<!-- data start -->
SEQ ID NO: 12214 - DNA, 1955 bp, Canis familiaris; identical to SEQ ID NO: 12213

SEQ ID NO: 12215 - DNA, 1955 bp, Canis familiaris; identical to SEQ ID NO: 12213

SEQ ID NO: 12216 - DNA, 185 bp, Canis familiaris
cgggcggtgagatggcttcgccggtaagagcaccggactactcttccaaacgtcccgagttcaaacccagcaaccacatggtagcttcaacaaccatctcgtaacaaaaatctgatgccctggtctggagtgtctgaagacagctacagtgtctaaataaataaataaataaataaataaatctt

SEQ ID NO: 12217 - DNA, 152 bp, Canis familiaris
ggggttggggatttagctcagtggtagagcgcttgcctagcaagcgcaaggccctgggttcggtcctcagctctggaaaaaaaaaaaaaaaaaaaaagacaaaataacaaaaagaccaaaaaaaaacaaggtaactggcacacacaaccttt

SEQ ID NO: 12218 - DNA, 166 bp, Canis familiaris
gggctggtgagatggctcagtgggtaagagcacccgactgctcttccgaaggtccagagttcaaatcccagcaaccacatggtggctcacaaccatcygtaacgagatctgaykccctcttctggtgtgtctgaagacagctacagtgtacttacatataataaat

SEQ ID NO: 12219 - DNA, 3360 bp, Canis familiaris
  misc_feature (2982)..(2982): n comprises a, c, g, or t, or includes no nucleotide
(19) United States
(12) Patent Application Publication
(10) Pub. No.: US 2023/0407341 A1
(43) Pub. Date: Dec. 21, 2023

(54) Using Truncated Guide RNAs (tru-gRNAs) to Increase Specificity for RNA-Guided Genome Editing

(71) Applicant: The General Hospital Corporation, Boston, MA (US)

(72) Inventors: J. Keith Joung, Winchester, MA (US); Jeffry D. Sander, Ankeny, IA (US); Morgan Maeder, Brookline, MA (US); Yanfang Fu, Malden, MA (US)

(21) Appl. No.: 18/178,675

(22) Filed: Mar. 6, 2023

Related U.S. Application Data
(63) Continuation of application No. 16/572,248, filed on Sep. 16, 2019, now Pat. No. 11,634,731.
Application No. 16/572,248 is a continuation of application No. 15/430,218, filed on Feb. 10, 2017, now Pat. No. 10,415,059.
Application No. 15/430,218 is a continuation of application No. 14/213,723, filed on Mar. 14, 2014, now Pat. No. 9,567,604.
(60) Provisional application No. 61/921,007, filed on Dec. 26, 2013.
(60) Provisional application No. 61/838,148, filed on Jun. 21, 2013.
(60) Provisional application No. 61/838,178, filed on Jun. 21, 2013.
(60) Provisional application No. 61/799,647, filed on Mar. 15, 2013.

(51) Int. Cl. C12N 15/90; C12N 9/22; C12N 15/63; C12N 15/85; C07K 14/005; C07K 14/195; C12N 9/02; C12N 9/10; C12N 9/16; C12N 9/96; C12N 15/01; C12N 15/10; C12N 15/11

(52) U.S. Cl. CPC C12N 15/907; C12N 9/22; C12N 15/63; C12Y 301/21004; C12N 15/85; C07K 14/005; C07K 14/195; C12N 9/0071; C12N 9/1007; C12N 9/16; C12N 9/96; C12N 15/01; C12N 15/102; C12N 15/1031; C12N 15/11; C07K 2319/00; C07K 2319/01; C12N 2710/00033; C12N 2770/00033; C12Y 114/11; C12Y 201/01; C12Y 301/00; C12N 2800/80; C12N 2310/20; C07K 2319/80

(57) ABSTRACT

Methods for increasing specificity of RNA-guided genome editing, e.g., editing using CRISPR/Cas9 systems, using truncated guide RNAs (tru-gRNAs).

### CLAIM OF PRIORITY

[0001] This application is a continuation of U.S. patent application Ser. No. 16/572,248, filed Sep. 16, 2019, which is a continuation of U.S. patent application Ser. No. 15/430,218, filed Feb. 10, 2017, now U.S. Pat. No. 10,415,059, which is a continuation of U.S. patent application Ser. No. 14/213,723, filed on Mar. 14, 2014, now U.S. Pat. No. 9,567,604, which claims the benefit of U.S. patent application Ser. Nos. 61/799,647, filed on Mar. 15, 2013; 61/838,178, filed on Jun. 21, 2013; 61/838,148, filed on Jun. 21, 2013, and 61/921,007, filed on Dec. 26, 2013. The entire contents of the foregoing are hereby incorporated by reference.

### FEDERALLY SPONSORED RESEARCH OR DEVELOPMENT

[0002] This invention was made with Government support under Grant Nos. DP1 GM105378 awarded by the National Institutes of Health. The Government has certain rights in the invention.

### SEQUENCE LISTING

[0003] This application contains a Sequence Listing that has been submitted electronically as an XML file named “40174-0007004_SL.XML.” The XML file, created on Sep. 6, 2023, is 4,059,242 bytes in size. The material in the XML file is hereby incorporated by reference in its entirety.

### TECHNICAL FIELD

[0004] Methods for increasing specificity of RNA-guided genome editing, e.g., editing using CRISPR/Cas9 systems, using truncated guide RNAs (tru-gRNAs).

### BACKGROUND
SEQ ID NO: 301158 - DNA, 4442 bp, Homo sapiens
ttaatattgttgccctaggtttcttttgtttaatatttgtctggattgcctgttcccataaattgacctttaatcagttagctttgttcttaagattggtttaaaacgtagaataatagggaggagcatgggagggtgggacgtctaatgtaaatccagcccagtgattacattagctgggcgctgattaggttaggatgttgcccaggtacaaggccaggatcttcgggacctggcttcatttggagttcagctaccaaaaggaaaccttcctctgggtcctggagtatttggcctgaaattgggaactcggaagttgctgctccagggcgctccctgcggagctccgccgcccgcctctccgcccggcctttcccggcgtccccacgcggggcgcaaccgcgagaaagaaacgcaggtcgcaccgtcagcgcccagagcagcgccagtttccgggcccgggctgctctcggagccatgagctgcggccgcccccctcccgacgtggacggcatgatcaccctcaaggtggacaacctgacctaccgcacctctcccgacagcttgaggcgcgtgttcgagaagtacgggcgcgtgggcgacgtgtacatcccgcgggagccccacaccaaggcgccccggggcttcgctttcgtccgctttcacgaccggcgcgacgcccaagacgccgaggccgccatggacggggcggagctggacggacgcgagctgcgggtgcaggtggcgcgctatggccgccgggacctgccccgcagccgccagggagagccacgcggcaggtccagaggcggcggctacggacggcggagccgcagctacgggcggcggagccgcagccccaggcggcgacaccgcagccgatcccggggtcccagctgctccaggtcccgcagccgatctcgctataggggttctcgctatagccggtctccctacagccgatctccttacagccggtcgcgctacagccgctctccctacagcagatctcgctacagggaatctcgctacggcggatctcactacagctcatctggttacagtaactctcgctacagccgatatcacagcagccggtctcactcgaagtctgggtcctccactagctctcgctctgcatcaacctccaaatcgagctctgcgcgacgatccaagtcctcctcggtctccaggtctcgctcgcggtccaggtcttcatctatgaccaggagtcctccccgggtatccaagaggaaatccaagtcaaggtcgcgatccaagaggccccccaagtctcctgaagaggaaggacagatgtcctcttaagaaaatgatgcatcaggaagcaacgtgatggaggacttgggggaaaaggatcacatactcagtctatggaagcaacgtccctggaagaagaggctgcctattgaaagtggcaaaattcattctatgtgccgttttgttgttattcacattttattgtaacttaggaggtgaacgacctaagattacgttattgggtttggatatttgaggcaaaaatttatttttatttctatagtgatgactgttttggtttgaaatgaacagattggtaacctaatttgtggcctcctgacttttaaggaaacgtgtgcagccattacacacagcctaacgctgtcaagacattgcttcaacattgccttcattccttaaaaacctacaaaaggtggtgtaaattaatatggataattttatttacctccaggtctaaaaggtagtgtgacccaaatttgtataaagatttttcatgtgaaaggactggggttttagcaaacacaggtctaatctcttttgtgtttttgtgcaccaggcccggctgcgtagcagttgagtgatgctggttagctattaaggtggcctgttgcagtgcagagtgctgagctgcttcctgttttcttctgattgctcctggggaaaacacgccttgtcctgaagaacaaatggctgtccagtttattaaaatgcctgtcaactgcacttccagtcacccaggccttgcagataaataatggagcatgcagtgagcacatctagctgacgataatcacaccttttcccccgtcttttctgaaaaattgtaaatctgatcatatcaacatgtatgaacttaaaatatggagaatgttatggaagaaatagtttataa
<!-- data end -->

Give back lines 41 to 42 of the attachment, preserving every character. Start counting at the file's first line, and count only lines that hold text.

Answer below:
SEQ ID NO: 301158 - DNA, 4442 bp, Homo sapiens
ttaatattgttgccctaggtttcttttgtttaatatttgtctggattgcctgttcccataaattgacctttaatcagttagctttgttcttaagattggtttaaaacgtagaataatagggaggagcatgggagggtgggacgtctaatgtaaatccagcccagtgattacattagctgggcgctgattaggttaggatgttgcccaggtacaaggccaggatcttcgggacctggcttcatttggagttcagctaccaaaaggaaaccttcctctgggtcctggagtatttggcctgaaattgggaactcggaagttgctgctccagggcgctccctgcggagctccgccgcccgcctctccgcccggcctttcccggcgtccccacgcggggcgcaaccgcgagaaagaaacgcaggtcgcaccgtcagcgcccagagcagcgccagtttccgggcccgggctgctctcggagccatgagctgcggccgcccccctcccgacgtggacggcatgatcaccctcaaggtggacaacctgacctaccgcacctctcccgacagcttgaggcgcgtgttcgagaagtacgggcgcgtgggcgacgtgtacatcccgcgggagccccacaccaaggcgccccggggcttcgctttcgtccgctttcacgaccggcgcgacgcccaagacgccgaggccgccatggacggggcggagctggacggacgcgagctgcgggtgcaggtggcgcgctatggccgccgggacctgccccgcagccgccagggagagccacgcggcaggtccagaggcggcggctacggacggcggagccgcagctacgggcggcggagccgcagccccaggcggcgacaccgcagccgatcccggggtcccagctgctccaggtcccgcagccgatctcgctataggggttctcgctatagccggtctccctacagccgatctccttacagccggtcgcgctacagccgctctccctacagcagatctcgctacagggaatctcgctacggcggatctcactacagctcatctggttacagtaactctcgctacagccgatatcacagcagccggtctcactcgaagtctgggtcctccactagctctcgctctgcatcaacctccaaatcgagctctgcgcgacgatccaagtcctcctcggtctccaggtctcgctcgcggtccaggtcttcatctatgaccaggagtcctccccgggtatccaagaggaaatccaagtcaaggtcgcgatccaagaggccccccaagtctcctgaagaggaaggacagatgtcctcttaagaaaatgatgcatcaggaagcaacgtgatggaggacttgggggaaaaggatcacatactcagtctatggaagcaacgtccctggaagaagaggctgcctattgaaagtggcaaaattcattctatgtgccgttttgttgttattcacattttattgtaacttaggaggtgaacgacctaagattacgttattgggtttggatatttgaggcaaaaatttatttttatttctatagtgatgactgttttggtttgaaatgaacagattggtaacctaatttgtggcctcctgacttttaaggaaacgtgtgcagccattacacacagcctaacgctgtcaagacattgcttcaacattgccttcattccttaaaaacctacaaaaggtggtgtaaattaatatggataattttatttacctccaggtctaaaaggtagtgtgacccaaatttgtataaagatttttcatgtgaaaggactggggttttagcaaacacaggtctaatctcttttgtgtttttgtgcaccaggcccggctgcgtagcagttgagtgatgctggttagctattaaggtggcctgttgcagtgcagagtgctgagctgcttcctgttttcttctgattgctcctggggaaaacacgccttgtcctgaagaacaaatggctgtccagtttattaaaatgcctgtcaactgcacttccagtcacccaggccttgcagataaataatggagcatgcagtgagcacatctagctgacgataatcacaccttttcccccgtcttttctgaaaaattgtaaatctgatcatatcaacatgtatgaacttaaaatatggagaatgttatggaagaaatagtttataa